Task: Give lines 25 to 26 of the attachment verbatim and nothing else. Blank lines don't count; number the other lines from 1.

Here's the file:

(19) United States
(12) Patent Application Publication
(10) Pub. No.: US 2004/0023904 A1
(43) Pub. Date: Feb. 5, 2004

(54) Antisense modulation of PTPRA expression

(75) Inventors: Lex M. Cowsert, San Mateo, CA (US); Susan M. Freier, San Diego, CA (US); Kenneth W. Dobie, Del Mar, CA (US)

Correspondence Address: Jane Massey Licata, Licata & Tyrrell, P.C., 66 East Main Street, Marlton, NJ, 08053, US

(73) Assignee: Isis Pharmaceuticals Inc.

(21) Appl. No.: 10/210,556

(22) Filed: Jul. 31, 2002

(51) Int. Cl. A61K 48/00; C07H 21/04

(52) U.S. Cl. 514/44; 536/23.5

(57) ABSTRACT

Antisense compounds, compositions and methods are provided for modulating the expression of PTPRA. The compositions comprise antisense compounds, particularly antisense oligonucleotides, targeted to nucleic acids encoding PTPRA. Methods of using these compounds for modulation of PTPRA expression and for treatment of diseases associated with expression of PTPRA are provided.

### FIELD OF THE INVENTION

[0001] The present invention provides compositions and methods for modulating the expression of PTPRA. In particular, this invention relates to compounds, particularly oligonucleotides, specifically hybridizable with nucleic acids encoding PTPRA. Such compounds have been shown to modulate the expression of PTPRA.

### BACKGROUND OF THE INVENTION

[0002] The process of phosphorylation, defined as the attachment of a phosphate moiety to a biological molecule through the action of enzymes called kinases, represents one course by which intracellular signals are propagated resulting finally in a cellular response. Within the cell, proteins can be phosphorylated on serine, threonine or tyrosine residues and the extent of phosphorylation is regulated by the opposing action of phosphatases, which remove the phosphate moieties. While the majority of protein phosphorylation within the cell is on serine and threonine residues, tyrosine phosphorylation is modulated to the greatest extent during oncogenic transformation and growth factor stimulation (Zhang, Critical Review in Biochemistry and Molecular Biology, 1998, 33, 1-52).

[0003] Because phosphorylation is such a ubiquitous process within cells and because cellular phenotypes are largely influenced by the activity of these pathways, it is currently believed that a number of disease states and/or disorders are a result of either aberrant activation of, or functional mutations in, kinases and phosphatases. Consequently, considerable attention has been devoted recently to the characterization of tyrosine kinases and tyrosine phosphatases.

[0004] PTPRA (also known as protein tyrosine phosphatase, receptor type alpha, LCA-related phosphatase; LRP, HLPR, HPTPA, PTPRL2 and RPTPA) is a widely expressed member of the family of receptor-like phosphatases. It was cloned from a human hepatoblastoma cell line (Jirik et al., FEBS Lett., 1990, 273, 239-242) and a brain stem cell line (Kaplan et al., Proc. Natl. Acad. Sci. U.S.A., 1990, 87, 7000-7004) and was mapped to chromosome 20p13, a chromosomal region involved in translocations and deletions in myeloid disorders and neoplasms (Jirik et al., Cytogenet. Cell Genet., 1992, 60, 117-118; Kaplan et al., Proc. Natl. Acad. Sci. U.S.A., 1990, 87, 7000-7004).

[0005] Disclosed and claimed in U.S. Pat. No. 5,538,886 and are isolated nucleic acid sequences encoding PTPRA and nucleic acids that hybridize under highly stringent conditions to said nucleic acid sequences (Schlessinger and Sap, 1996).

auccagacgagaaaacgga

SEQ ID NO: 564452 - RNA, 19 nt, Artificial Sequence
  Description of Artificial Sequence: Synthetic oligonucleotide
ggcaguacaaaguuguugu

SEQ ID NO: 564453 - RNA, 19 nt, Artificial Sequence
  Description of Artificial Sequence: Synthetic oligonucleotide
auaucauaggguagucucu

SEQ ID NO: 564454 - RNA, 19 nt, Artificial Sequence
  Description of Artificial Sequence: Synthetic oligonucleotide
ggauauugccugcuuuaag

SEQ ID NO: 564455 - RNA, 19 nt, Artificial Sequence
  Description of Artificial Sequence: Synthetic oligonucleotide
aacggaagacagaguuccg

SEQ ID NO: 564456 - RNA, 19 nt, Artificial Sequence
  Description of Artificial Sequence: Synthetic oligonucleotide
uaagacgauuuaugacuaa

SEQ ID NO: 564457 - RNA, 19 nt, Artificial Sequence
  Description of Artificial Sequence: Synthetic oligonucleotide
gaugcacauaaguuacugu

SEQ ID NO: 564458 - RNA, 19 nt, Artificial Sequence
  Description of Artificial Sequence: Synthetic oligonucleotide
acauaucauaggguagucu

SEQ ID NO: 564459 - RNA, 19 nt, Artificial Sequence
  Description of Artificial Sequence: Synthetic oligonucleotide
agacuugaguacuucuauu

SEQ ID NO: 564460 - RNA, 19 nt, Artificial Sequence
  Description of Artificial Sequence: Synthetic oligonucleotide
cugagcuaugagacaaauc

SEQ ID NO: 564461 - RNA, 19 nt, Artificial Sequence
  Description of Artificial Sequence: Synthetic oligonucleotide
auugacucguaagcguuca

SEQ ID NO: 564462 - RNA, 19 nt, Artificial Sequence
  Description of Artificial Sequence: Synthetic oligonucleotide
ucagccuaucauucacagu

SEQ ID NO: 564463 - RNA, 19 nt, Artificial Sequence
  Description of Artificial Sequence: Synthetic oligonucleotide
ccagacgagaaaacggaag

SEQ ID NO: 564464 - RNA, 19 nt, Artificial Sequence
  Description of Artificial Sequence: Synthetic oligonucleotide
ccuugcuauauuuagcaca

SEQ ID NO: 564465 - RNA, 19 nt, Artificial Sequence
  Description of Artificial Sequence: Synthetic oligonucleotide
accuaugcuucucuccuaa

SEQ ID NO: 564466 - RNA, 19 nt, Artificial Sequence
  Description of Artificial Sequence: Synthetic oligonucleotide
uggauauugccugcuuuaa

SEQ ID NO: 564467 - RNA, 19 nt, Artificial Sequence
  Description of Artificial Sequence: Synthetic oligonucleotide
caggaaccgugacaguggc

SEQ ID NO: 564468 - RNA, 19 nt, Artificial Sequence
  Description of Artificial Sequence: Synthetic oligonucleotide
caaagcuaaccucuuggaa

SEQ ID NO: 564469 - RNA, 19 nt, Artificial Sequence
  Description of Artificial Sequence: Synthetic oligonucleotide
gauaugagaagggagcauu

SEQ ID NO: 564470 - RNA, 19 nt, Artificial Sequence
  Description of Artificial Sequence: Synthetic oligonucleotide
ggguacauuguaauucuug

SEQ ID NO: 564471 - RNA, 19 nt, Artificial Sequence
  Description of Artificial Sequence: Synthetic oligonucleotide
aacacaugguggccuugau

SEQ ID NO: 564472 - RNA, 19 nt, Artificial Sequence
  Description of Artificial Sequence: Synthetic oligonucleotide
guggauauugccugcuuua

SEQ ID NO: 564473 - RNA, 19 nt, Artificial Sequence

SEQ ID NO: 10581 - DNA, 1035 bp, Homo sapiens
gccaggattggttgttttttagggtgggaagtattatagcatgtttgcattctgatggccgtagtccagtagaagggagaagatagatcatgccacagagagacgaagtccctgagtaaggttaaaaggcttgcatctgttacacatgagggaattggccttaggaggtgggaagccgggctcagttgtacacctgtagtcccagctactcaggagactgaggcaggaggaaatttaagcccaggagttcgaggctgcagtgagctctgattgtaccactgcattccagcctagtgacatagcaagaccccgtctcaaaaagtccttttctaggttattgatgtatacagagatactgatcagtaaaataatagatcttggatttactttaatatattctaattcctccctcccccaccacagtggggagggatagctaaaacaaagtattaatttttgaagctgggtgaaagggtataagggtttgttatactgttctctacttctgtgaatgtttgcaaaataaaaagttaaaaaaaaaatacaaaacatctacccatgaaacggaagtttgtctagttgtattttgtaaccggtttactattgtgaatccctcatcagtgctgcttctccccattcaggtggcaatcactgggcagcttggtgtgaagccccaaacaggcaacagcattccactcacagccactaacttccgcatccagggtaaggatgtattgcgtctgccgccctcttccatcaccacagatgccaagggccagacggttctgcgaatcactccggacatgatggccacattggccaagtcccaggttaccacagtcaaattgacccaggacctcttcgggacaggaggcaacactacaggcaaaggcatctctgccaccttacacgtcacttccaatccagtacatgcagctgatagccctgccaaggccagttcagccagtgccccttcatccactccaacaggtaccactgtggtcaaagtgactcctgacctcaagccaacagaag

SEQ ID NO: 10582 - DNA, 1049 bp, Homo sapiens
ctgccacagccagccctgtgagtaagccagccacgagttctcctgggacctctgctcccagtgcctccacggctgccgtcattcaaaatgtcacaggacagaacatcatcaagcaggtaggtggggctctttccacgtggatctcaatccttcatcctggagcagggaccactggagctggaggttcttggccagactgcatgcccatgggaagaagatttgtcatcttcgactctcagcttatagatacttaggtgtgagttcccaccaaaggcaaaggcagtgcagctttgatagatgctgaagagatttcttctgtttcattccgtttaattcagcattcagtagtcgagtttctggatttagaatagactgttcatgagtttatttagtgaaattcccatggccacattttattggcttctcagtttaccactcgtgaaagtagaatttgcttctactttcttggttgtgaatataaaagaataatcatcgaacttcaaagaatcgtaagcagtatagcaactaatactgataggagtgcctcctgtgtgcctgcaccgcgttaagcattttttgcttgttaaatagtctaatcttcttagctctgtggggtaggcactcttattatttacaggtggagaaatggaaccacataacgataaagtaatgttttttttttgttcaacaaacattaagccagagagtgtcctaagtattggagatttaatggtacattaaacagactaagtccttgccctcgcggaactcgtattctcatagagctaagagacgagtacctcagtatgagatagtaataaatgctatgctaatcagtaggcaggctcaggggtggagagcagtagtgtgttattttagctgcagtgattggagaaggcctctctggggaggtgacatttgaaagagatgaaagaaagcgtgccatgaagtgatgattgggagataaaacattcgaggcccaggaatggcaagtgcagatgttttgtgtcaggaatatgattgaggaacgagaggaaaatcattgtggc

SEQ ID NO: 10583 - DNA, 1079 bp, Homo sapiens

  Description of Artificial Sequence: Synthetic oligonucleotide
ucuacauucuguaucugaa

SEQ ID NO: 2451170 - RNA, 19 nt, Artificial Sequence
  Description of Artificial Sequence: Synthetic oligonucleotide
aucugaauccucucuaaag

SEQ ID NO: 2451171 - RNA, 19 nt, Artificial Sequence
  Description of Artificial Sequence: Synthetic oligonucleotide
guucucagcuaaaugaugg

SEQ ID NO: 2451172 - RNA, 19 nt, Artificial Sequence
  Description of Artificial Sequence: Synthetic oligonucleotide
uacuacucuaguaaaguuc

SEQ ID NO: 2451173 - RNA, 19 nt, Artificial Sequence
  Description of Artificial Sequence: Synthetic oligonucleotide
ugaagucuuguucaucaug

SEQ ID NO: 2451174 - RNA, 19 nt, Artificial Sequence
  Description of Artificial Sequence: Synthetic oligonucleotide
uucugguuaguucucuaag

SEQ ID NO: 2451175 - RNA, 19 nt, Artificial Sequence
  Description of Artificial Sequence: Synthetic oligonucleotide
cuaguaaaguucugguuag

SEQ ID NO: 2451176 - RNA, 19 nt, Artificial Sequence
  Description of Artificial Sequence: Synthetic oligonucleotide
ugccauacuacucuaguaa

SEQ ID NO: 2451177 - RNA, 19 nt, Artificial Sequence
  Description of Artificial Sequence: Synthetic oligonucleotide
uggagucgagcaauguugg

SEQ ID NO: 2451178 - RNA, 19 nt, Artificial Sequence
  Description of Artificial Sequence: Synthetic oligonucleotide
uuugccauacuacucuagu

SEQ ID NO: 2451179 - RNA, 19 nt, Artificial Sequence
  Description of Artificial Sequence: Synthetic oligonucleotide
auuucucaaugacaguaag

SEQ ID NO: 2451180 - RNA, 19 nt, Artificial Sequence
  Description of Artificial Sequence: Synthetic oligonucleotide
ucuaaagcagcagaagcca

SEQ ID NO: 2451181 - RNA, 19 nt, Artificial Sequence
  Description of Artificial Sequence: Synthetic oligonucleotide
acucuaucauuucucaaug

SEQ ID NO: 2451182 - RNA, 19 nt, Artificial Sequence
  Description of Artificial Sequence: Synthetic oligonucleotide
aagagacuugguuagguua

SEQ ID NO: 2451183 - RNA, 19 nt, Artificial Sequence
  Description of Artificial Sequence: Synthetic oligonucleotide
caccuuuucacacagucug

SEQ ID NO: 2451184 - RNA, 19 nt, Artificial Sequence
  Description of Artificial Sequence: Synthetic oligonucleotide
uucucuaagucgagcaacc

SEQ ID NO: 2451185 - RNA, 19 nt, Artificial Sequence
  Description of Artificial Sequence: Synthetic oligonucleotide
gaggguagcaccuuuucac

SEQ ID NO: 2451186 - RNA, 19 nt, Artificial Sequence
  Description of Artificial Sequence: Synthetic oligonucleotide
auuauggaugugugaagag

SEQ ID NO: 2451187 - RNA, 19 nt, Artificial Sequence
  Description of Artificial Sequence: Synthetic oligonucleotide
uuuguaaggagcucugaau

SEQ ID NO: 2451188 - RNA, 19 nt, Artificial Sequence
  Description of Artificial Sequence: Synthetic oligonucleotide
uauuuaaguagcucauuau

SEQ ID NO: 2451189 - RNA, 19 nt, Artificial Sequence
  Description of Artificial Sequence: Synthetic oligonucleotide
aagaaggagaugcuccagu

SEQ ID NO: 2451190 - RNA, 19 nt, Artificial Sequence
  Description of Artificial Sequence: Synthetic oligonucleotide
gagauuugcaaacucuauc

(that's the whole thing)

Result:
ggcaguacaaaguuguugu

SEQ ID NO: 564453 - RNA, 19 nt, Artificial Sequence